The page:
Recipe: Arme Riddere

A Norwegian version of French toast, Arme Riddere is a wonderful way to warm yourself up on a chilly, wintry morning.



5 mins


15 mins


20 mins


Serves: 4



2 eggs, lightly beaten

2 tsp. vanilla sugar (alternative substitute: 1 teaspoon vanilla extract and

1 tsp. ground cinnamon

a pinch of salt

125 ml (1/2 cup) milk

8 slices of brioche or challah bread, sliced thick (stale works well)

butter for frying



In a shallow baking dish, combine the eggs, vanilla extract, cinnamon, salt and milk. Set aside.

Bring a skillet to medium high heat and while it is warming up, lay a slice of bread into the egg mixture. Evenly coat the bread slice, then turn it over and coat the other side.

Once the skillet has been brought to temperature, add a pat of butter to the pan allow it to melt, then cook the bread slice until browned on both sides. You will need to turn the bread over halfway through cooking, or after 3-4 minutes. Repeat until all bread slices have been cooked, adding more butter to the skillet as necessary to keep the bread from sticking.

Top your arme riddere with butter, maple syrup, fresh fruit, powdered sugar or your favorite topping.



This recipe serves four and can be doubled.


Author: Whitney Love at

Norway may risk losing an entire generation of young musicians

An article written by three young musicians on behalf of their generation has received broad support—they warn that Norway risks losing an entire generation of musicians.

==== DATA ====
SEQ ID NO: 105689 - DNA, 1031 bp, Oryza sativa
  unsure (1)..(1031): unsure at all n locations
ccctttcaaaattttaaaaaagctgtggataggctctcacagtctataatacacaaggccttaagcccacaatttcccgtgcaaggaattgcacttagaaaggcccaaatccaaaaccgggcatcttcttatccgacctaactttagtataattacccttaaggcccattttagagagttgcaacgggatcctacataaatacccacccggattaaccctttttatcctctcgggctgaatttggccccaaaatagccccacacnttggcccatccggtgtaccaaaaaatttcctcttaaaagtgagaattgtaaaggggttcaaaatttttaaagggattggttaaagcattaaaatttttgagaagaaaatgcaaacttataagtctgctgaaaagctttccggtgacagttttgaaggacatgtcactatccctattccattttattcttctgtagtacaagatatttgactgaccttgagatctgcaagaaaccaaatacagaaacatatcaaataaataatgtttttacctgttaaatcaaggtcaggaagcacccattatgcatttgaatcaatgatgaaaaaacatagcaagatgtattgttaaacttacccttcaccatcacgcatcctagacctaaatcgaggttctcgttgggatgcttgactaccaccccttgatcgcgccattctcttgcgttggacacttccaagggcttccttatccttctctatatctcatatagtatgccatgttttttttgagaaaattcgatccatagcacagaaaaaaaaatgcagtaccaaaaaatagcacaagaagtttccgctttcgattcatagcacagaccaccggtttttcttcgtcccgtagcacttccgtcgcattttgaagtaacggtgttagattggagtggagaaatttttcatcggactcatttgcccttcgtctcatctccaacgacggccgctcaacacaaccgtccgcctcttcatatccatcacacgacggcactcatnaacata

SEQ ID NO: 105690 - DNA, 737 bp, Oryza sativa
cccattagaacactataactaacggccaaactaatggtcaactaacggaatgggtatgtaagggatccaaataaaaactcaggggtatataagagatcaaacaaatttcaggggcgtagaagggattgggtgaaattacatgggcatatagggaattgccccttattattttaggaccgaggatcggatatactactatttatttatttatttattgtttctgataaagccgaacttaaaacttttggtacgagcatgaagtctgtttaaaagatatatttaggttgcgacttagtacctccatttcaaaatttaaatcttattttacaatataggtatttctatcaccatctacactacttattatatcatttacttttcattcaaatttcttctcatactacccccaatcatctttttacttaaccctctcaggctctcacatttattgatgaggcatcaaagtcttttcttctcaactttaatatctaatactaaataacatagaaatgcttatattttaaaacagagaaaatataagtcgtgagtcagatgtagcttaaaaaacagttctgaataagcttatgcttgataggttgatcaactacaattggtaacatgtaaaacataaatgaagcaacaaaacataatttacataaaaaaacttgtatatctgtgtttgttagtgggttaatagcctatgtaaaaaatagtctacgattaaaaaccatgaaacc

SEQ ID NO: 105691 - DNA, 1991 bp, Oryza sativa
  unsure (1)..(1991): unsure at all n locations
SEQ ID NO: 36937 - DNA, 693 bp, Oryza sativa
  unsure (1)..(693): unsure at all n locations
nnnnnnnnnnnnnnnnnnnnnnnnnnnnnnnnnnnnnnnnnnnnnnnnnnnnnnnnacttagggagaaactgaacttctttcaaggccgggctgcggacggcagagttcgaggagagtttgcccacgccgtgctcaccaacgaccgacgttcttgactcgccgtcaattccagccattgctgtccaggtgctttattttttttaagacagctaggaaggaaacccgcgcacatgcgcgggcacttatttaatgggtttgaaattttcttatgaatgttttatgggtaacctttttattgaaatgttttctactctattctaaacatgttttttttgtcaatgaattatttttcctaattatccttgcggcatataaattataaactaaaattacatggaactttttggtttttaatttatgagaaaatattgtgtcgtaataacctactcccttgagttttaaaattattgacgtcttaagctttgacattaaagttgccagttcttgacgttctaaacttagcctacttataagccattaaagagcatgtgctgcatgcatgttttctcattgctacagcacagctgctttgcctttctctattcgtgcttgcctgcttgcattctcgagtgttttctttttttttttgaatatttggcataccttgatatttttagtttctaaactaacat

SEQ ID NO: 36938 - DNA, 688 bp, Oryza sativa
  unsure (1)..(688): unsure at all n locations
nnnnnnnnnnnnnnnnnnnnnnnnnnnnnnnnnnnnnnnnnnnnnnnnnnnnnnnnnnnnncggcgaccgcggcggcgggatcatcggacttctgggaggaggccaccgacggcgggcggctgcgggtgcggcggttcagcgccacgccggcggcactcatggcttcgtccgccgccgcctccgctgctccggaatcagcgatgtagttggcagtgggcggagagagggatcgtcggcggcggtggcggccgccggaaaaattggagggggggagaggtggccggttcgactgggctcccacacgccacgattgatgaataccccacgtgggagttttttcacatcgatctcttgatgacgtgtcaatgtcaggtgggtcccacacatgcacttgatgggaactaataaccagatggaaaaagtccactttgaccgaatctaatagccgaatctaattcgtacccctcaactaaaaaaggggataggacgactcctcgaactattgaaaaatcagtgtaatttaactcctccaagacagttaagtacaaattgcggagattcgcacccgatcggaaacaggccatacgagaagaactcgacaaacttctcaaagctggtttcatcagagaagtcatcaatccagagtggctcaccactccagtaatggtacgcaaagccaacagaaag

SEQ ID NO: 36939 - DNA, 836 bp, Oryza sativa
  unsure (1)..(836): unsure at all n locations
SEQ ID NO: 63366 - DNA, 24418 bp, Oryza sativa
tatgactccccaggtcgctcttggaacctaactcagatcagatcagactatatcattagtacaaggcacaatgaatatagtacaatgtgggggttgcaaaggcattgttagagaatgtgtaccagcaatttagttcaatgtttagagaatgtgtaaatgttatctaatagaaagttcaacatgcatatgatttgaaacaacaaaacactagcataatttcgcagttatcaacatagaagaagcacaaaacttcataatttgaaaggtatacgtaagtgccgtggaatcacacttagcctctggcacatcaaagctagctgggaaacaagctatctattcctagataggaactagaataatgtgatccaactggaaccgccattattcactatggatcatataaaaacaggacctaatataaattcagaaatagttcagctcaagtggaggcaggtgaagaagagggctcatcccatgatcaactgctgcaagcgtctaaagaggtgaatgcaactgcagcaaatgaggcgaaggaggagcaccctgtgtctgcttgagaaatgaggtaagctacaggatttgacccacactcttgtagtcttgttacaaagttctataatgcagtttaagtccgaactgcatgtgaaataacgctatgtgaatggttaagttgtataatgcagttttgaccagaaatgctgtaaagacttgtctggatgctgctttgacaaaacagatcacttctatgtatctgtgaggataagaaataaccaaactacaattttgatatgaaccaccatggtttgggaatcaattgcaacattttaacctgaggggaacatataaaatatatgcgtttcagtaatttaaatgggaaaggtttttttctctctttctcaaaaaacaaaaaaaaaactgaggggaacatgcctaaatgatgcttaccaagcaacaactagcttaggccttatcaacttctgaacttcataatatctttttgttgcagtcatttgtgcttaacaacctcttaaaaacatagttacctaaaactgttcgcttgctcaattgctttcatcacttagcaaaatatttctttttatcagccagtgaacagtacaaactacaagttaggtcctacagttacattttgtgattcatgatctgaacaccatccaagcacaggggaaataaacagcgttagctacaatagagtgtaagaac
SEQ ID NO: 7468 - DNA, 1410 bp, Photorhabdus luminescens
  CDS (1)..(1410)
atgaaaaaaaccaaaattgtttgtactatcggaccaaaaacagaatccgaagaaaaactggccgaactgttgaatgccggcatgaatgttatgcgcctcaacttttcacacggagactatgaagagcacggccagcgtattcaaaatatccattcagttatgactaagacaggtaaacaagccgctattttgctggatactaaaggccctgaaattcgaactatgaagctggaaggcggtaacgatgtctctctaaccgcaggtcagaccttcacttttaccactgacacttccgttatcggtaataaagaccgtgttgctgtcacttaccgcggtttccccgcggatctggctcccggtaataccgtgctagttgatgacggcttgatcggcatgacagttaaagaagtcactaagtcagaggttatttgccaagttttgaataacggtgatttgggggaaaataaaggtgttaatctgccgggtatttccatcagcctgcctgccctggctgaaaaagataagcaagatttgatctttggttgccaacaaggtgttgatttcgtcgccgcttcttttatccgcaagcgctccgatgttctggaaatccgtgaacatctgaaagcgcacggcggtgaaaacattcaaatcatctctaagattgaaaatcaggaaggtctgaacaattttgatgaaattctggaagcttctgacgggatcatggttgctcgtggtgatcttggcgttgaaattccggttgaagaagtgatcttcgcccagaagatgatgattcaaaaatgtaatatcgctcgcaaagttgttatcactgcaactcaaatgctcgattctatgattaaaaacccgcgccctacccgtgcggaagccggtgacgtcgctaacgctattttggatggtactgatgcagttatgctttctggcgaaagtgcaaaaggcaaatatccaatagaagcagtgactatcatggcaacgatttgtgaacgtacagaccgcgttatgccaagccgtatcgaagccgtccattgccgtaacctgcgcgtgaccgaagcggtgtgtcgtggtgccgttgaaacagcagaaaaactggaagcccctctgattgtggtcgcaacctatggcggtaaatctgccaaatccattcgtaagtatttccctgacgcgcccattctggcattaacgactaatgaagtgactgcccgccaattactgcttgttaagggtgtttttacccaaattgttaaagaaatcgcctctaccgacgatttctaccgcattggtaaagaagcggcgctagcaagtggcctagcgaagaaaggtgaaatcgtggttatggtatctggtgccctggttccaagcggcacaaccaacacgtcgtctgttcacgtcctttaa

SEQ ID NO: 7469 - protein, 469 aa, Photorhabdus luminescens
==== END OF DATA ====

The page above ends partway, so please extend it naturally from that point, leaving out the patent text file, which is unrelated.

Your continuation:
Behind the VG article are Elias Tafjord (23), Daniela Reyes Holmsen (22) and Georg Minos (23), who state:

“We are not particularly interested in writing articles, but what else should we do when we have no money in the bank, and no idea when this is going to change?”

They quote the denial they received from NAV [the Norwegian Labor and Welfare Administration], which states: “You have no baseline income from which to receive benefits for the self-employed,” and point out that they have used all their efforts to complete music studies, establish themselves in the music industry and have worked around the clock. In the article, they explain that to establish oneself in the music industry you have to start at the bottom of the ladder with very little income.

“Now when we apply for benefits, it’s too bad that last year’s income does not reflect the extensive working year we’ve had, the three of them point out, who have attended cultural school, played in bands, attended arts programs and received Frifond [welfare] funds.

“Norway has a proud tradition of world-class musicians, and Norwegian music has increasingly become an export commodity. We have achieved this because we have built up talents and given them the opportunity to grow.

Tafjord, Reyes Holmsen and Minos finish the article by pointing out that they are not only young and hopeful talents, but are among those who will carry Norway’s cultural and musical heritage forward.

“We also need to be able to call Norway a cultural nation in the coming decades,” they round out the article – which is signed by over 350 other Norwegian musicians, ranging from established names such as Sondre Lerche, Bugge Wesseltoft and Susanna Wallumrød to younger musicians.


A New Nordic Country?